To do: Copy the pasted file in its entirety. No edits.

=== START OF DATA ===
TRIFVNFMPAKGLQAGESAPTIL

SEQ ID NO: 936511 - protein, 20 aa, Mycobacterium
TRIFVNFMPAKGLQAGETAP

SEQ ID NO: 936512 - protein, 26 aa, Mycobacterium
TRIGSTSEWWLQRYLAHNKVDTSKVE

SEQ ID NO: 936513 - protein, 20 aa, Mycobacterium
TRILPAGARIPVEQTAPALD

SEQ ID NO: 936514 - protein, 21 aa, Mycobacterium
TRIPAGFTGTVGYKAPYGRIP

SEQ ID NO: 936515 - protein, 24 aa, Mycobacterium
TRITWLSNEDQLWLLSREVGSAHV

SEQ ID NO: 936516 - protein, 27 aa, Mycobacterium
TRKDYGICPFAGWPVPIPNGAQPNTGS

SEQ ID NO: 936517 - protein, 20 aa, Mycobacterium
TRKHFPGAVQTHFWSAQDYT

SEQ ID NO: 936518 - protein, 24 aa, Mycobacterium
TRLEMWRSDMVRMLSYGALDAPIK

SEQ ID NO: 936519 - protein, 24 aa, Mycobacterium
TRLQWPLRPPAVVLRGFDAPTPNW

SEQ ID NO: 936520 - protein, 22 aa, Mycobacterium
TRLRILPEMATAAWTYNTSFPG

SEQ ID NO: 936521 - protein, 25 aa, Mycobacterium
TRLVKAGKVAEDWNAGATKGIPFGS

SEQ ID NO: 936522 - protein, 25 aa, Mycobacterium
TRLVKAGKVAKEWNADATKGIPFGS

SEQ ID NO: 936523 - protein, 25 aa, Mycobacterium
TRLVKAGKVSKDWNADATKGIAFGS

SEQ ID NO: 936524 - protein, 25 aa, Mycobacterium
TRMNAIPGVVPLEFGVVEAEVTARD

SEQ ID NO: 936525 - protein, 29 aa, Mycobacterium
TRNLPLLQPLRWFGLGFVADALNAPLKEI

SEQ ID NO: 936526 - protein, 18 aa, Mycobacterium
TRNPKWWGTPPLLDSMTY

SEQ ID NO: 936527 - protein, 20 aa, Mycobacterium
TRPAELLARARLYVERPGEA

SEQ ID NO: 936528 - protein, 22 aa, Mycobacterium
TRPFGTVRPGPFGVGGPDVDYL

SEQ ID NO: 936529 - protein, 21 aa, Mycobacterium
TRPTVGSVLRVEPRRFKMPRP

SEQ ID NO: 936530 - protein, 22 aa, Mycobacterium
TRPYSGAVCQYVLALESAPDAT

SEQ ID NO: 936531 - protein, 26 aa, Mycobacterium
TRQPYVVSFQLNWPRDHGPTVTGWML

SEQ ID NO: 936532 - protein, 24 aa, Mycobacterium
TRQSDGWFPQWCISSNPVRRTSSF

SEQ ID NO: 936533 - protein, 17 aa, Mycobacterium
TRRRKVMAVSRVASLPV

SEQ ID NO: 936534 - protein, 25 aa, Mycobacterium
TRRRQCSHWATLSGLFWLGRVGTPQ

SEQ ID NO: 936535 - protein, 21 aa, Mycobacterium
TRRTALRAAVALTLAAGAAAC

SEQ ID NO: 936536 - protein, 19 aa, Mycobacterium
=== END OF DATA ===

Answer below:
TRIFVNFMPAKGLQAGESAPTIL

SEQ ID NO: 936511 - protein, 20 aa, Mycobacterium
TRIFVNFMPAKGLQAGETAP

SEQ ID NO: 936512 - protein, 26 aa, Mycobacterium
TRIGSTSEWWLQRYLAHNKVDTSKVE

SEQ ID NO: 936513 - protein, 20 aa, Mycobacterium
TRILPAGARIPVEQTAPALD

SEQ ID NO: 936514 - protein, 21 aa, Mycobacterium
TRIPAGFTGTVGYKAPYGRIP

SEQ ID NO: 936515 - protein, 24 aa, Mycobacterium
TRITWLSNEDQLWLLSREVGSAHV

SEQ ID NO: 936516 - protein, 27 aa, Mycobacterium
TRKDYGICPFAGWPVPIPNGAQPNTGS

SEQ ID NO: 936517 - protein, 20 aa, Mycobacterium
TRKHFPGAVQTHFWSAQDYT

SEQ ID NO: 936518 - protein, 24 aa, Mycobacterium
TRLEMWRSDMVRMLSYGALDAPIK

SEQ ID NO: 936519 - protein, 24 aa, Mycobacterium
TRLQWPLRPPAVVLRGFDAPTPNW

SEQ ID NO: 936520 - protein, 22 aa, Mycobacterium
TRLRILPEMATAAWTYNTSFPG

SEQ ID NO: 936521 - protein, 25 aa, Mycobacterium
TRLVKAGKVAEDWNAGATKGIPFGS

SEQ ID NO: 936522 - protein, 25 aa, Mycobacterium
TRLVKAGKVAKEWNADATKGIPFGS

SEQ ID NO: 936523 - protein, 25 aa, Mycobacterium
TRLVKAGKVSKDWNADATKGIAFGS

SEQ ID NO: 936524 - protein, 25 aa, Mycobacterium
TRMNAIPGVVPLEFGVVEAEVTARD

SEQ ID NO: 936525 - protein, 29 aa, Mycobacterium
TRNLPLLQPLRWFGLGFVADALNAPLKEI

SEQ ID NO: 936526 - protein, 18 aa, Mycobacterium
TRNPKWWGTPPLLDSMTY

SEQ ID NO: 936527 - protein, 20 aa, Mycobacterium
TRPAELLARARLYVERPGEA

SEQ ID NO: 936528 - protein, 22 aa, Mycobacterium
TRPFGTVRPGPFGVGGPDVDYL

SEQ ID NO: 936529 - protein, 21 aa, Mycobacterium
TRPTVGSVLRVEPRRFKMPRP

SEQ ID NO: 936530 - protein, 22 aa, Mycobacterium
TRPYSGAVCQYVLALESAPDAT

SEQ ID NO: 936531 - protein, 26 aa, Mycobacterium
TRQPYVVSFQLNWPRDHGPTVTGWML

SEQ ID NO: 936532 - protein, 24 aa, Mycobacterium
TRQSDGWFPQWCISSNPVRRTSSF

SEQ ID NO: 936533 - protein, 17 aa, Mycobacterium
TRRRKVMAVSRVASLPV

SEQ ID NO: 936534 - protein, 25 aa, Mycobacterium
TRRRQCSHWATLSGLFWLGRVGTPQ

SEQ ID NO: 936535 - protein, 21 aa, Mycobacterium
TRRTALRAAVALTLAAGAAAC

SEQ ID NO: 936536 - protein, 19 aa, Mycobacterium